After years of scarce appearances in comics, Harley Quinn resurfaced in a leading role in July 2009 with Gotham City Sirens, a team-up title created by Dini.[49][5][12] The series brought together Batman's most popular female villains, Harley Quinn, Catwoman, and Poison Ivy, in an unstable alliance.[50][51][52] The series also expanded on Harley Quinn's background and early life; in Gotham City Sirens #7, Dini established the character's hometown being Brooklyn, and also introduced her dysfunctional family, with her swindling father being described as the main reason for her pursuing psychiatry.[53][54][55] Harley Quinn's dependence on Joker was also explored throughout the series.[56][51]

The first several issues of Gotham City Sirens were written by Dini and illustrated by Guillem March. Other creatives who worked for the series include writers Tony Bedard and Peter Calloway, and artists David López, Andres Guinaldo, Peter Nguyen, Jeremy Haun, and Ramon Bachs.[51] The series was cancelled in August 2011 for The New 52, DC Comics' relaunch of their entire comic line.[52]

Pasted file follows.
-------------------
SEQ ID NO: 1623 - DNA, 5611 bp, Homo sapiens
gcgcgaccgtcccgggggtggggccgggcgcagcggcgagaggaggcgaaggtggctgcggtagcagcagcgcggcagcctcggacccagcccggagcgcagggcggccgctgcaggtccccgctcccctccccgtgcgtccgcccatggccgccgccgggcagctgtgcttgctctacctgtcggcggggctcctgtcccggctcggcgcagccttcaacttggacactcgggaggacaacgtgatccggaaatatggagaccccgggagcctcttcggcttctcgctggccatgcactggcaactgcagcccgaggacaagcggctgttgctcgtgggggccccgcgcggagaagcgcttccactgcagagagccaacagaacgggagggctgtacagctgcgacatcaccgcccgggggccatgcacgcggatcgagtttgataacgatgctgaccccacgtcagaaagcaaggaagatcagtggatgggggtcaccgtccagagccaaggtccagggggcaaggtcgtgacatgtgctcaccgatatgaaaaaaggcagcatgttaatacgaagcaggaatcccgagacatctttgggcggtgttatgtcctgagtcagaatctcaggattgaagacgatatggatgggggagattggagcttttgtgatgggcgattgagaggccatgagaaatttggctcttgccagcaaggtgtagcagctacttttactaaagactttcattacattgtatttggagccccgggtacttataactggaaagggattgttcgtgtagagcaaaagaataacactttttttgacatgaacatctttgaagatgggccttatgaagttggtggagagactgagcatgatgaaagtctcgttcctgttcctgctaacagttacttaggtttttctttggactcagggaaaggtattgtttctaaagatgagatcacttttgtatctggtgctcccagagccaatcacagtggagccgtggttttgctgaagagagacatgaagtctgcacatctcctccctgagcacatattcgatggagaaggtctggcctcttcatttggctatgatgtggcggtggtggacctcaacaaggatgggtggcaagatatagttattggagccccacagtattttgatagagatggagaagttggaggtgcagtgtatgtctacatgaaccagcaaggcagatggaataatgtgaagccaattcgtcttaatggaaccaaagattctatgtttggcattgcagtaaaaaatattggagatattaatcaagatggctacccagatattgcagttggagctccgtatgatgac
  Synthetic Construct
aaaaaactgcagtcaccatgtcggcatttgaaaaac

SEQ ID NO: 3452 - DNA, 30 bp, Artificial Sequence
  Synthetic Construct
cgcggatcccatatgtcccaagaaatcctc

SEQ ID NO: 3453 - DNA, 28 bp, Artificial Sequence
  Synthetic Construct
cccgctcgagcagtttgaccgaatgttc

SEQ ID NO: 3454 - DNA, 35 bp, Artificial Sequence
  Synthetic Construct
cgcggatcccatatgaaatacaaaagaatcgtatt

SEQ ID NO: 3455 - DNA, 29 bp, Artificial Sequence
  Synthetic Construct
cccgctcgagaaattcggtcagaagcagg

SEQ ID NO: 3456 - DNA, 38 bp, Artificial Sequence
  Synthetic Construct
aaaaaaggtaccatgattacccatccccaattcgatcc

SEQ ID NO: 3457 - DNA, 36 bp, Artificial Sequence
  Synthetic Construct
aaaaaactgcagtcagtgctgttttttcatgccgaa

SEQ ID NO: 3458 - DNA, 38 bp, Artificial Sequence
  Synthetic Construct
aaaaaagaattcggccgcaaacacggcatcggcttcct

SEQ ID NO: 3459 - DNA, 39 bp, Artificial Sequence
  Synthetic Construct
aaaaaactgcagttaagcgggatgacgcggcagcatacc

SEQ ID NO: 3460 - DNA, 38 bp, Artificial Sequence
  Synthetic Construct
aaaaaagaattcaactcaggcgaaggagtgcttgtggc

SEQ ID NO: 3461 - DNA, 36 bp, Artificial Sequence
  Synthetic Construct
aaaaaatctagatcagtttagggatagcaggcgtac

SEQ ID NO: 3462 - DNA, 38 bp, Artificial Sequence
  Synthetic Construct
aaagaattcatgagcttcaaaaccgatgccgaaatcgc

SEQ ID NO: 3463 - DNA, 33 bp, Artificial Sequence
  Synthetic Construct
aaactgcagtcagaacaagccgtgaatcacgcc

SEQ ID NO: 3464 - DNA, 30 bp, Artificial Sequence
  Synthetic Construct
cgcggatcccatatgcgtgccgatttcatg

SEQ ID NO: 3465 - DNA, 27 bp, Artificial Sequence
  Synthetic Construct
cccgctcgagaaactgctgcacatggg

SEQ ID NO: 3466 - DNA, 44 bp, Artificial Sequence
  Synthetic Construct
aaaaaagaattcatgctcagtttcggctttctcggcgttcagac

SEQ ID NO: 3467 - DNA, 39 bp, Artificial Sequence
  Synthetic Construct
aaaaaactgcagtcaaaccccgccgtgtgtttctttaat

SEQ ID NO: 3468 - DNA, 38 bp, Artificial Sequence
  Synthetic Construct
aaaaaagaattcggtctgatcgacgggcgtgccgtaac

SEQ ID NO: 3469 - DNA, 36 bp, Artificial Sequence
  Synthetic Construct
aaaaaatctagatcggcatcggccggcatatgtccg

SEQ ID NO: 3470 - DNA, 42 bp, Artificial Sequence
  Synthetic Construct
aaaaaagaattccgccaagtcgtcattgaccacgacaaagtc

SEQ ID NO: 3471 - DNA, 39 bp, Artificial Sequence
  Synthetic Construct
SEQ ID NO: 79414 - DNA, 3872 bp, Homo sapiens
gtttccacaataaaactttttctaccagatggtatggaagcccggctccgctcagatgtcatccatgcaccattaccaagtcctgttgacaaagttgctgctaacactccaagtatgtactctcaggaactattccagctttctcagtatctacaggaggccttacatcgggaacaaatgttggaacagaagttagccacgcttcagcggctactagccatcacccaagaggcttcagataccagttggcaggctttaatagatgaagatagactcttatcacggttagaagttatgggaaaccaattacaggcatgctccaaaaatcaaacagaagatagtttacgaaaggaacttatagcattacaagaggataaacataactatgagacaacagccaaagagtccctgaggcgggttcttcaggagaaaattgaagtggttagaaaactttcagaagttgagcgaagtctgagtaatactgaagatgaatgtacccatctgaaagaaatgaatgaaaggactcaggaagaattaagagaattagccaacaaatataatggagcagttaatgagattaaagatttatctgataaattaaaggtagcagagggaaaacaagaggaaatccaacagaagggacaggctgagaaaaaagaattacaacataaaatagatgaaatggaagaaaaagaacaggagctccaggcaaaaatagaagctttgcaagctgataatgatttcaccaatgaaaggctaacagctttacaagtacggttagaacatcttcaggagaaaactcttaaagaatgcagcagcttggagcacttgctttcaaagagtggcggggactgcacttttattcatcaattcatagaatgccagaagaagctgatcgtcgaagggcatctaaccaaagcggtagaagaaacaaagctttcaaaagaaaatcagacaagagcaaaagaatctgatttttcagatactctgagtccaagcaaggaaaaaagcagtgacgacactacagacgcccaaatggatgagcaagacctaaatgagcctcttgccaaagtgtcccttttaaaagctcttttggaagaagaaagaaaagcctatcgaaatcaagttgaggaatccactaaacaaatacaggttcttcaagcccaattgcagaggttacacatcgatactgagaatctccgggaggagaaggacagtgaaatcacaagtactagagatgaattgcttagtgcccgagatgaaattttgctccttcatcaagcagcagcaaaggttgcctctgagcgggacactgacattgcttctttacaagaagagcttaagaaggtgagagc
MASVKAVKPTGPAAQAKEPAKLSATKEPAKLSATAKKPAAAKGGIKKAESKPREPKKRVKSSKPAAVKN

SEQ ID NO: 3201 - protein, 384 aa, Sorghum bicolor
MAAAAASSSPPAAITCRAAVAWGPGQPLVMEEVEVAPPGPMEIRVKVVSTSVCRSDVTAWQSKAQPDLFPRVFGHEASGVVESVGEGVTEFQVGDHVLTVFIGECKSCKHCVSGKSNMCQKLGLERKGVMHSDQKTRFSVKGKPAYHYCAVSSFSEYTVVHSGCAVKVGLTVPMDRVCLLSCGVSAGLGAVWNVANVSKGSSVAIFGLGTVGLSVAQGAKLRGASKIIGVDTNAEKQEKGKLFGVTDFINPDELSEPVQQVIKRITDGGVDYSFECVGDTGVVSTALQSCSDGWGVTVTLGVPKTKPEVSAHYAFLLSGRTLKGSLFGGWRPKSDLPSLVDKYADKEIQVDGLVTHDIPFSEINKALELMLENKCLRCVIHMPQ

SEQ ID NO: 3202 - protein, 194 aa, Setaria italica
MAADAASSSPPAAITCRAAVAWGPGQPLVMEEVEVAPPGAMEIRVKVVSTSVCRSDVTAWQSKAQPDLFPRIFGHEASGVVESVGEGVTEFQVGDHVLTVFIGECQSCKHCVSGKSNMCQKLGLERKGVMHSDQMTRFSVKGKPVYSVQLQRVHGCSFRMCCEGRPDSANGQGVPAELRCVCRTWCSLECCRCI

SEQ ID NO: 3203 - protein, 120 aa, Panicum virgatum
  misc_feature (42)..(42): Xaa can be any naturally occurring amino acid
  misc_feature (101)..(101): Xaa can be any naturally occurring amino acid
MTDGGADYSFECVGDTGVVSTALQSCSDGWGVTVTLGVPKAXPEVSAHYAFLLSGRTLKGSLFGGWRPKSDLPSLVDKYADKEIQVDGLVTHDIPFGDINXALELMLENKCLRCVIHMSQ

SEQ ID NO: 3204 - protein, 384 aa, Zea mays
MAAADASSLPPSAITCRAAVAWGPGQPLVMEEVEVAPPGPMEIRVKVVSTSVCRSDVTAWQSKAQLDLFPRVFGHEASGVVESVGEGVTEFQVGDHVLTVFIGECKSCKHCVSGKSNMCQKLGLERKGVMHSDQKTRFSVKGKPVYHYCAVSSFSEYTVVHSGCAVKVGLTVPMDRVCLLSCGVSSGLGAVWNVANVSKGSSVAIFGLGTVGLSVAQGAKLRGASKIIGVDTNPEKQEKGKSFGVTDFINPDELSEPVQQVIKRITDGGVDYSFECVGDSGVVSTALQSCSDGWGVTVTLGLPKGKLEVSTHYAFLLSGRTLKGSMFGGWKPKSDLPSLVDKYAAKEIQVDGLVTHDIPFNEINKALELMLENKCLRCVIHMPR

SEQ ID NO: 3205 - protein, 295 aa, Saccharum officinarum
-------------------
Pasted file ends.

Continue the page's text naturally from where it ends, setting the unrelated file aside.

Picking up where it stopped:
The New 52[edit]

Suicide Squad[edit]

"One thing that we're trying to show with her, and I don't think it gets played with enough with Harley, is here's a woman who was a very intelligent and very manipulative doctor. We're trying to play up that quality. She is crazy, but there is something behind the madness. In the new DCU maybe everyone doesn't get shipped off to Arkham Asylum. Some people may have to do hard time and get shipped off to Belle Reve [the prison the Suicide Squad operates out of], and her presence here doesn't mean she hasn't been or won't end up in Arkham. Basically we needed a bad girl character and the best bad girl character in the DCU is Harley Quinn."